Roy Oswalt: How He Could Become the New York Yankees No. 2 Starter

November 14, 2011   ·     ·   Jump to comments
Article Source: Bleacher Report - New York Yankees

Saying the New York Yankees need starting pitching is as obvious as when Donnie told The Dude the phone was ringing in The Big Lebowski

After watching A.J. Burnett “just try to have fun,” the “dead arm” of Phil Hughes never be resuscitated and Bartolo Colón disintegrate down the stretch, it’s quite clear new blood is vital on the mound in the Bronx. 

Needless to say, New York has arguably the best ace in the game in CC Sabathia.  But, the lingering question haunting the Yankee Universe remains: Who will follow CC in the rotation? 

Ivan Nova emerged as a serious player in the rotation, but the sophomore slump is all too plausible.  So, what are the Yankees’ options if this scenario were to come to fruition?  Which free agent will be behind Sabathia on the depth chart?

With slim pickings on the going market for pitchers, the Yanks might be forced to make a run at someone they don’t really want in addition to overpaying dearly for their services.  Roy Oswalt could be the biggest beneficiary of that possibility.

“The Wizard of Os” now finds himself a free agent after 10 stellar years in Houston and a cup of coffee in Philadelphia.  As Oswalt pursues his last big payday, his agent, Bob Garber, has been trumpeting his client’s accolades.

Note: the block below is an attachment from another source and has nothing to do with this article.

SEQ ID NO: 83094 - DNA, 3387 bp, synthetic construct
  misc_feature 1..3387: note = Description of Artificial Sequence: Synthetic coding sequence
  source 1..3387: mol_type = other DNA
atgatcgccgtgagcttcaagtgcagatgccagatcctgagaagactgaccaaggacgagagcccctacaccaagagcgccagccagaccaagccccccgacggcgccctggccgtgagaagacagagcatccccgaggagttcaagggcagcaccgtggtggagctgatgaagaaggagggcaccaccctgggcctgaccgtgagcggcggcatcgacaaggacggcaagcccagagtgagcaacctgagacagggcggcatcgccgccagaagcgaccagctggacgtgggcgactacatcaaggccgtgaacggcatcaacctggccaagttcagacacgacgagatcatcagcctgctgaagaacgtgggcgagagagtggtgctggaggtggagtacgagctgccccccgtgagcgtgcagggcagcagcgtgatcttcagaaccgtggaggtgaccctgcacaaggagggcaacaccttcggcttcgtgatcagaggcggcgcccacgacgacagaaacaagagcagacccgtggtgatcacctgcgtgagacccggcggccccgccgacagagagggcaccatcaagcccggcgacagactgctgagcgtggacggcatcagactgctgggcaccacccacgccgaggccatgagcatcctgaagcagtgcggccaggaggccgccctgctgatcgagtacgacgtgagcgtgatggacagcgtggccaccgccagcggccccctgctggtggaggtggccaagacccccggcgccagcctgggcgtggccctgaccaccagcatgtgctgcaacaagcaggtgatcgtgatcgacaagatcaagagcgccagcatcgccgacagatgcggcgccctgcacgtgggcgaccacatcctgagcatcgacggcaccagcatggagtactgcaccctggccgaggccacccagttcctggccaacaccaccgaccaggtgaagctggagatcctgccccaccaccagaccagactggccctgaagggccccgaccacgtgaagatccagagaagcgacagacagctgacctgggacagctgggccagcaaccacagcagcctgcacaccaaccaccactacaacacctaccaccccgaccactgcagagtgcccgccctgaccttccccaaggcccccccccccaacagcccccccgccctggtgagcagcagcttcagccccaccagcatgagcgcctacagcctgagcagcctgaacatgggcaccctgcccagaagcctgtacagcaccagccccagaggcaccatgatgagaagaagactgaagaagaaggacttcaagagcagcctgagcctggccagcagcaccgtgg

Garber, who has been flirting with the New York media, told ESPN New York that both C.J. Wilson (Garber represents him) and Oswalt “love New York.”

Oswalt has made a career out of being a sought-after commodity.  With a record of 159-93 and a 3.21 ERA throughout his tenure, he established himself as one the past decade’s best hurlers.  Furthermore, he has been one of the most highly regarded pitchers in terms of innings pitched throughout his profession. 


With age and injuries, however, his durability has come into question.

With 34 years under his belt, the slender right-hander shows signs of breaking down as of late.  Recently, multiple stints on the disabled list have raised serious questions as to whether Oswalt can still produce at the highest level. 

If Oswalt asks for a four- to five-year deal, should the Yankees really get involved?

Oswalt, Wilson and Buehrle sit alone as the most sought-after pitchers this winter.  Undoubtedly, the Yankees are inquiring about all three of them, but it’s quite conceivable that Brian Cashman and his suits will only get their hands on Oswalt. 

While Buehrle might be flattered he’s getting so much attention this offseason it’s possible the Missouri native will stay close to home and finish his career on the South Side.  After spending his entire life in Middle America (high school and college in Missouri), it will be hard to see Buehrle wanting a change of scenery.

In the case of Wilson, the Yankees have been quite public of their desire for the 30-year-old left-hander.  The Angels, in turn, have stepped in and emerged as a player to land the SoCal native.  Moreover, some rumors claim Wilson, a California resident during the offseason, has expressed interest in Anaheim as well.

If the stars aligned and these situations were to occur, New York would desperately turn to Oswalt, and in signing him, end up giving in to his demands. 

With last year’s lack of pitching prowess, Brian Cashman knows the team was lucky to get as far they did.  Sitting on his hands this offseason will not suffice.  If he can get past the “back issues” and agree to a short-term deal with Oswalt, then Cashman needs to pull the trigger. 

He doesn’t want to be stuck without a date to the prom. 

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